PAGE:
Captain Edward Croft's Flying Artillery of Columbus, Georgia
At first light of August 20, 1864, Confederate General Sul Ross's Texas Cavalry had located Kilpatrick's retreating Federals near Lee's Mill and fought their rear guard as they took the road that led southward to the McDonough Road. This road took Kilpatrick's raiders on a direct path to his next objective, "Lovejoy's Station."
By midmorning, contact was made with Kilpatrick's main body near the station s where the Texans were joined by the cavalry brigades of Generals Red Jackson and Daniel Reynolds Arkansas infantry brigade.
Kilpatrick's troopers were soon surrounded at Lovejoy's station and they were forced to fall back. Kilpatrick's cavalry retreated eastward on the McDonough road and reformed on a ridge located just west of Nash farm, where Kilpatrick's officers quickly devised a plan of escape.
A reference from, "Capt. Croft's Flying Artillery Battery," Columbus, Georgia by William Forbes, page 211-212 describes the action:
However, when Kilpatrick was about four miles from Lovejoy's and near the Nash place, the Confederate's "got them surrounded." To assault the stalled enemy, Ross dismounted his troopers in a lane and deployed them "in line in the open field to the left or south side of the lane, (McDonough road) and as section of Croft's Georgia Battery was placed on an elevation to the right of the lane."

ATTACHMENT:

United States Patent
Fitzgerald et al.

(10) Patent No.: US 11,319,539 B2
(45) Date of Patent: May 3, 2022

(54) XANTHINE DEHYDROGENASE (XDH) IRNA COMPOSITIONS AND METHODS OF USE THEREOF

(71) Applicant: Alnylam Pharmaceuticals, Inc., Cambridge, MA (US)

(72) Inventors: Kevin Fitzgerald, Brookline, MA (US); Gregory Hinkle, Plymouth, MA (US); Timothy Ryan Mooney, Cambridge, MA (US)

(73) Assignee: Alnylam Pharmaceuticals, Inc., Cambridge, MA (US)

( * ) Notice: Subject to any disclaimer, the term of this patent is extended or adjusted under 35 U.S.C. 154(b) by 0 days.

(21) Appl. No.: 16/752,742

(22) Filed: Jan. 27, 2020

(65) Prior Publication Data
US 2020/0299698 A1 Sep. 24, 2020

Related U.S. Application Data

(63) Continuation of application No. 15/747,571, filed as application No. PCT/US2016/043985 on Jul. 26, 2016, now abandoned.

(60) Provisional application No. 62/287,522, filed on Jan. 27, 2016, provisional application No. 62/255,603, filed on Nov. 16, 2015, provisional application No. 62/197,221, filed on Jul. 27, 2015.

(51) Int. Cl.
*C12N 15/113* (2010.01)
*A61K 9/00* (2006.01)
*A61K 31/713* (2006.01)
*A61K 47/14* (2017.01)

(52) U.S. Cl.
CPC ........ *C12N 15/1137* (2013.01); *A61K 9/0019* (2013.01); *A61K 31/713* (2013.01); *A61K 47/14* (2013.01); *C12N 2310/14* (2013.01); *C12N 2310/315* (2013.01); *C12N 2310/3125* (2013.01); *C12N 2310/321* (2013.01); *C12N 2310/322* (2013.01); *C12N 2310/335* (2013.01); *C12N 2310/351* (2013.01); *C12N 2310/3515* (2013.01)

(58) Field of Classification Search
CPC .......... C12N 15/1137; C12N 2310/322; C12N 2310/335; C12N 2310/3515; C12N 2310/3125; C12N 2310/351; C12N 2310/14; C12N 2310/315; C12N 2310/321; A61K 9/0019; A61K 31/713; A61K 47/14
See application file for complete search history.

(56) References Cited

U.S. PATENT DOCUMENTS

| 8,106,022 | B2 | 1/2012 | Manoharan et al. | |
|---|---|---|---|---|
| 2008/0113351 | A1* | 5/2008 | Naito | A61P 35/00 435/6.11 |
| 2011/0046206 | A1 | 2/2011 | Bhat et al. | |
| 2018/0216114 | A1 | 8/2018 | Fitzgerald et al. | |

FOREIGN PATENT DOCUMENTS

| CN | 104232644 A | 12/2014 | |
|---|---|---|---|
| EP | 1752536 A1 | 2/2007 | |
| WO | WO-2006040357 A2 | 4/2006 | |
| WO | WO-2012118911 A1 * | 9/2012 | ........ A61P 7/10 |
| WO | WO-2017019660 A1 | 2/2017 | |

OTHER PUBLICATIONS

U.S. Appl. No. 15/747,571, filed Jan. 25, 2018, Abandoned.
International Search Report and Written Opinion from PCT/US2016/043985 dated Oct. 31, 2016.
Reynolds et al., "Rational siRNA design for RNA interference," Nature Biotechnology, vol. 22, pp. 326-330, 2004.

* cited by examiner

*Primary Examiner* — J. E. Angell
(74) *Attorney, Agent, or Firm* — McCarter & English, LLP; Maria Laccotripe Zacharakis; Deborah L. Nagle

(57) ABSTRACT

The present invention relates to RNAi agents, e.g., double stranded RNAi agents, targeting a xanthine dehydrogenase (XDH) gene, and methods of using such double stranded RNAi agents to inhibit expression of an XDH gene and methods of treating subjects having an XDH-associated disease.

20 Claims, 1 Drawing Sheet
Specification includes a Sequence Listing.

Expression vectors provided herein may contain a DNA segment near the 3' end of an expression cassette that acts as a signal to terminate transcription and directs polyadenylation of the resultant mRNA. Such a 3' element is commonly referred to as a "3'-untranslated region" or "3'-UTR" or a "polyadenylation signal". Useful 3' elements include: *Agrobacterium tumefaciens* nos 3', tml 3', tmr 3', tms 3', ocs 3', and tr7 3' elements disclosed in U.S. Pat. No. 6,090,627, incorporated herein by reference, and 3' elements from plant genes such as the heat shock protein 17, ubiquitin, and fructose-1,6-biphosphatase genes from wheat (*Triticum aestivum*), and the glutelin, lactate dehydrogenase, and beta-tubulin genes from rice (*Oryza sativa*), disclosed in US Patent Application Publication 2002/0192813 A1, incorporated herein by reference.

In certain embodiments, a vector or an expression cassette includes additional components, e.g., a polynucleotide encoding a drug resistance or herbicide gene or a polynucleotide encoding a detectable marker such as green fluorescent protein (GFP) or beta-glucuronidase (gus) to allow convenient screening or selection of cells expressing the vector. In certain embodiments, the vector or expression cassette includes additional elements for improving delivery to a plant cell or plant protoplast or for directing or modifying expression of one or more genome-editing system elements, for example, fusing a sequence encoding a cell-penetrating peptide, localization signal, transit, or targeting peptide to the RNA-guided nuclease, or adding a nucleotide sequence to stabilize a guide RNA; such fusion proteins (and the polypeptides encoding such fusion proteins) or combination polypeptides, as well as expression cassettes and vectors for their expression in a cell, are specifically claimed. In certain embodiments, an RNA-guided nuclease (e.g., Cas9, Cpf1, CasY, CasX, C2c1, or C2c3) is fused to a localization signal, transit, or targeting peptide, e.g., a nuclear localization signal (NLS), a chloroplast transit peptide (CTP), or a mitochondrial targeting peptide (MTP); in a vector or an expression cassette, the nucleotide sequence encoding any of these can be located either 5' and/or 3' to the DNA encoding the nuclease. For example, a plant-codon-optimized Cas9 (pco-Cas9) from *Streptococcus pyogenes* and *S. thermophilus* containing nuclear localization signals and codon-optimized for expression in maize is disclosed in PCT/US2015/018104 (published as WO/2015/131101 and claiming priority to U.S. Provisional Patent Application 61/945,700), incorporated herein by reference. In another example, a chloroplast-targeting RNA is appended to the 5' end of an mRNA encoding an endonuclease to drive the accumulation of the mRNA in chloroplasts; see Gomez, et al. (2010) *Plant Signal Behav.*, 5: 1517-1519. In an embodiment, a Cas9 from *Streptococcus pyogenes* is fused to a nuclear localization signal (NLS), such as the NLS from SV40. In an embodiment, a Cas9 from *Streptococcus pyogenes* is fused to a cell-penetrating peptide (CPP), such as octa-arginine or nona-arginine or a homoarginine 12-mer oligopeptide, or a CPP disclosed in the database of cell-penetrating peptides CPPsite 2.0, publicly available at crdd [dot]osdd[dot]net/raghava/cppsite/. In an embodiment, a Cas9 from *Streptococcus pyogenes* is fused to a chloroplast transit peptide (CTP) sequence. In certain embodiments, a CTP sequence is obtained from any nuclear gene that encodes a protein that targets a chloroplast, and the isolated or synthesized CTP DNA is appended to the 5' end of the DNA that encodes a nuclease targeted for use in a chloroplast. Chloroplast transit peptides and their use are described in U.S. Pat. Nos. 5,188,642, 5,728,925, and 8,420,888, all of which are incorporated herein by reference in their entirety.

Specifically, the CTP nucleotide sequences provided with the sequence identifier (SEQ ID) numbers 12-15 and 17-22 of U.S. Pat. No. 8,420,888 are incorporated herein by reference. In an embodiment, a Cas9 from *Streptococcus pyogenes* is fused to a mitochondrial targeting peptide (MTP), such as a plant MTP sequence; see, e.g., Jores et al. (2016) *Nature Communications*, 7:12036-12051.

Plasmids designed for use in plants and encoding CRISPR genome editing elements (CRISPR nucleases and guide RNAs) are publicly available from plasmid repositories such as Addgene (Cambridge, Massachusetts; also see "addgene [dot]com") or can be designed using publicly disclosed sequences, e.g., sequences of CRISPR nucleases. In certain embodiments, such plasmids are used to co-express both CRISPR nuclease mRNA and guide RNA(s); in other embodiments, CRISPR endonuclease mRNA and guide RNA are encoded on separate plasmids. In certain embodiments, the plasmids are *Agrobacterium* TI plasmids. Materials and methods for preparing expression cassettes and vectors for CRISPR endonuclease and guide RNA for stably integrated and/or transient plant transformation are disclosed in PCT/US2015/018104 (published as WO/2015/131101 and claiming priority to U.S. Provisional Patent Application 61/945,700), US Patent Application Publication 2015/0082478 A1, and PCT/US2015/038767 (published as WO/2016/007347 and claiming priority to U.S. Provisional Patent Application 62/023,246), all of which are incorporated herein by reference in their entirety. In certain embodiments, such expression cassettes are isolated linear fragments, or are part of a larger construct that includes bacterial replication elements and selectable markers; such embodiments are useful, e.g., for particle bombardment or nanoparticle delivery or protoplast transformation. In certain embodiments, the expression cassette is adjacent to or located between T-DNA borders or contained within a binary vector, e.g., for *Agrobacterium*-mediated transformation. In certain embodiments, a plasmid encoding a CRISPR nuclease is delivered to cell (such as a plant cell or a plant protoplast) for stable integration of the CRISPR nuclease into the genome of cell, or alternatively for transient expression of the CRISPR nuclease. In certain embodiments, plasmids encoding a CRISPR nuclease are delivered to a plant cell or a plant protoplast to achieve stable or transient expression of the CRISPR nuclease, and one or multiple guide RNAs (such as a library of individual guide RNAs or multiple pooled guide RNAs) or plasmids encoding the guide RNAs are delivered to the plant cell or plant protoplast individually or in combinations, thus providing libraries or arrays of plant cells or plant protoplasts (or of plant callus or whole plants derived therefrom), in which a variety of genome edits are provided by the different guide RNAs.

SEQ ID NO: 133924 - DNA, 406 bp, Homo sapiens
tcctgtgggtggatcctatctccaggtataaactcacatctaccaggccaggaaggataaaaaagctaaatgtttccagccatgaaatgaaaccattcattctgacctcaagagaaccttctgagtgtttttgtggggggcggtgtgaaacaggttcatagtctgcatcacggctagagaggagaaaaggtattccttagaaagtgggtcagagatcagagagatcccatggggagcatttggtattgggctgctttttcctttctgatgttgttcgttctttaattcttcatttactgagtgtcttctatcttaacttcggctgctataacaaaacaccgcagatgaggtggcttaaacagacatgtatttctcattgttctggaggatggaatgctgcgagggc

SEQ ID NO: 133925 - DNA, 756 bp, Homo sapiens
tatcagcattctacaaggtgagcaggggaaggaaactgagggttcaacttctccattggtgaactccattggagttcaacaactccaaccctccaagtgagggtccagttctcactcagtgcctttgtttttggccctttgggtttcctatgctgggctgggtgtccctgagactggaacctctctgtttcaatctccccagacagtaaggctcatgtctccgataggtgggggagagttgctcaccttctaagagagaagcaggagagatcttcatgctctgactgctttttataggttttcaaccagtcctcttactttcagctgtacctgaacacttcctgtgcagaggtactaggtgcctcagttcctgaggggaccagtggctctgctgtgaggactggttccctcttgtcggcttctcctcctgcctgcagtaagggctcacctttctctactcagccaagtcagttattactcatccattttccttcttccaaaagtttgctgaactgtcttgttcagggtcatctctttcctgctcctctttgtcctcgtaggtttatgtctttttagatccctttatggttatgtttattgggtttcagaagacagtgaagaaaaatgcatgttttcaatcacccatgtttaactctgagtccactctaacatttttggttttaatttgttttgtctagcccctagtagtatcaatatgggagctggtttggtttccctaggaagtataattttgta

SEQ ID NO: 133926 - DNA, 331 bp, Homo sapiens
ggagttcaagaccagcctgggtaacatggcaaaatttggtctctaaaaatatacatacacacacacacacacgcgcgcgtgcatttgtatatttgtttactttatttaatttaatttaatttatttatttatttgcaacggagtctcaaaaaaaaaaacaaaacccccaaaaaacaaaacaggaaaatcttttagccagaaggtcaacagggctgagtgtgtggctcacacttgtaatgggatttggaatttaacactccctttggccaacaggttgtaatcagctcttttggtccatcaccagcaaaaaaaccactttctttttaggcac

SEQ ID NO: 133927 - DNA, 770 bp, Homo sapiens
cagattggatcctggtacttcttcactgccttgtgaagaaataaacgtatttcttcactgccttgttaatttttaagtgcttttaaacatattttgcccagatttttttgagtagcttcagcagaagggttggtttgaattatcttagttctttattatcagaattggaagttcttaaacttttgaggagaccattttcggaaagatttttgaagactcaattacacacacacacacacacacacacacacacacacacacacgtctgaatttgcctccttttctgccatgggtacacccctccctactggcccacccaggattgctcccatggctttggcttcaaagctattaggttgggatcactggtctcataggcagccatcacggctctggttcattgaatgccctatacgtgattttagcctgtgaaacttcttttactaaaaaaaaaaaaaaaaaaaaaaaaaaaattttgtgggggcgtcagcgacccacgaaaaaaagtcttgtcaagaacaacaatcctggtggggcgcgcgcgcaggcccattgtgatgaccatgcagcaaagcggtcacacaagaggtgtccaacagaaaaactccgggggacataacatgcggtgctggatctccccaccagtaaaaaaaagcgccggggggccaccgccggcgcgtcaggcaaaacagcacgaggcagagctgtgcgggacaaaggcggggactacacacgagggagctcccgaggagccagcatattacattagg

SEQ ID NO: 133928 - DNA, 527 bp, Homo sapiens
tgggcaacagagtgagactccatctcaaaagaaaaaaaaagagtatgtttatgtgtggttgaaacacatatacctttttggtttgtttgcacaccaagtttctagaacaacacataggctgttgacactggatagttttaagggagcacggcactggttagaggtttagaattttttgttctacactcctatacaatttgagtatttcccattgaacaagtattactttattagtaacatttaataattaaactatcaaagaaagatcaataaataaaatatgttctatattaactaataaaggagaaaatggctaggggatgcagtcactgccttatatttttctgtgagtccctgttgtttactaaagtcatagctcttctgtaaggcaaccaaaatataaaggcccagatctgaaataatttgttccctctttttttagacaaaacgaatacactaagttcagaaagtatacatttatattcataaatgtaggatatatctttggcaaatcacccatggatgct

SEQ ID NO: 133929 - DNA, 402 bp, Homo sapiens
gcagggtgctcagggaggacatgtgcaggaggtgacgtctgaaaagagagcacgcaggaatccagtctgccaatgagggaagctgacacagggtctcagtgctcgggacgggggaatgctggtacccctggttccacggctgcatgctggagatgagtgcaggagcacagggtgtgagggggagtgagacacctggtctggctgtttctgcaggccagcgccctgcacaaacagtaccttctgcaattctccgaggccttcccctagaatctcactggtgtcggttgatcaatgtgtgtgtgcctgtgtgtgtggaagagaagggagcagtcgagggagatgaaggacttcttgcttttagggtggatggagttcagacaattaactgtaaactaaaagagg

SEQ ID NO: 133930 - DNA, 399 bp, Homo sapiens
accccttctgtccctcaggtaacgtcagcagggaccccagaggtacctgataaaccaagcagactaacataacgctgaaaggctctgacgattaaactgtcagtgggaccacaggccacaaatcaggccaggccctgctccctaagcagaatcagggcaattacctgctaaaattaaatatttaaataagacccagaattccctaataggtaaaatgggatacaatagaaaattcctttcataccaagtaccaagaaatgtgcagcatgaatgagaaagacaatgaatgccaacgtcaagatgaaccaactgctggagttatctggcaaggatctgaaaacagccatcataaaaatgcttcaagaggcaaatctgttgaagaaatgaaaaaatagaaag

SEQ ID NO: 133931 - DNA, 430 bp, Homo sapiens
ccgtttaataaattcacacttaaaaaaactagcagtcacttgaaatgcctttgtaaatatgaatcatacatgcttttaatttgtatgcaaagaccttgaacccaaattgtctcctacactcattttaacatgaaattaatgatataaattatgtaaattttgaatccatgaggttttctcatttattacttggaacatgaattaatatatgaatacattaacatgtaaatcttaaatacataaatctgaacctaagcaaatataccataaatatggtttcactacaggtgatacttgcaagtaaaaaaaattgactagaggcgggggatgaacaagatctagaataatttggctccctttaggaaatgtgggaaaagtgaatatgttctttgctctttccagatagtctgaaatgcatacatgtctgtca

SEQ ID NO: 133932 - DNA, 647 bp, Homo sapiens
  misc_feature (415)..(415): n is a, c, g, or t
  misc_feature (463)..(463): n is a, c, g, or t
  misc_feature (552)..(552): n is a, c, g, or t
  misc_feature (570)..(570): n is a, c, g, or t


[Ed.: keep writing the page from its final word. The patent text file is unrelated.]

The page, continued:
Observing these maneuvers, Kilpatrick realized his danger and quickly determined to save his command by a desperate drive, (cavalry charge), to break out of the encircling Rebels. With sabers flashing, the Yankee raiders charged forward in "three heavy columns" along the McDonough Road covered by Lieutenant Young's howitzer. As the blue coated column thundered headlong toward him, Young "played on their charge?throwing shells across the charging columns until his ammunition was exhausted and his piece overrun."
It was in this charge that the old belching 12-pounder under Lieutenant George B. Young from Columbus, GA., did noble and effective work. As a column would charge down on him, he would open so wide a break in it that it would pass him without running over his gun. He fired rapidly, turning his gun in three or four different directions. The enemy made desperate attempts to take it and twice General Ross sent word to Lieutenant Young that he better leave his gun and try to save his men. His reply was, "Not while I have a shot left."
Then General Ross took thirty men and went up to the piece and said, "Well, Young, if you are determined to stay with your gun, we will stay with you." They did stay there ?til they had fired every round of ammunition. Next to the last round, a double charge of grape shot cracked the gun barrel but it did not frighten them from firing the last shot.
Only then did they abandon the disabled bronze howitzer. Kilpatrick's troopers eventually hauled it away from the knoll as a battlefield trophy and continued heading eastward toward McDonough.
Lieutenant Young reported one artilleryman killed, Cpl. A.F. Knight, and five wounded.
Captain Edward A. Croft, Columbus GA.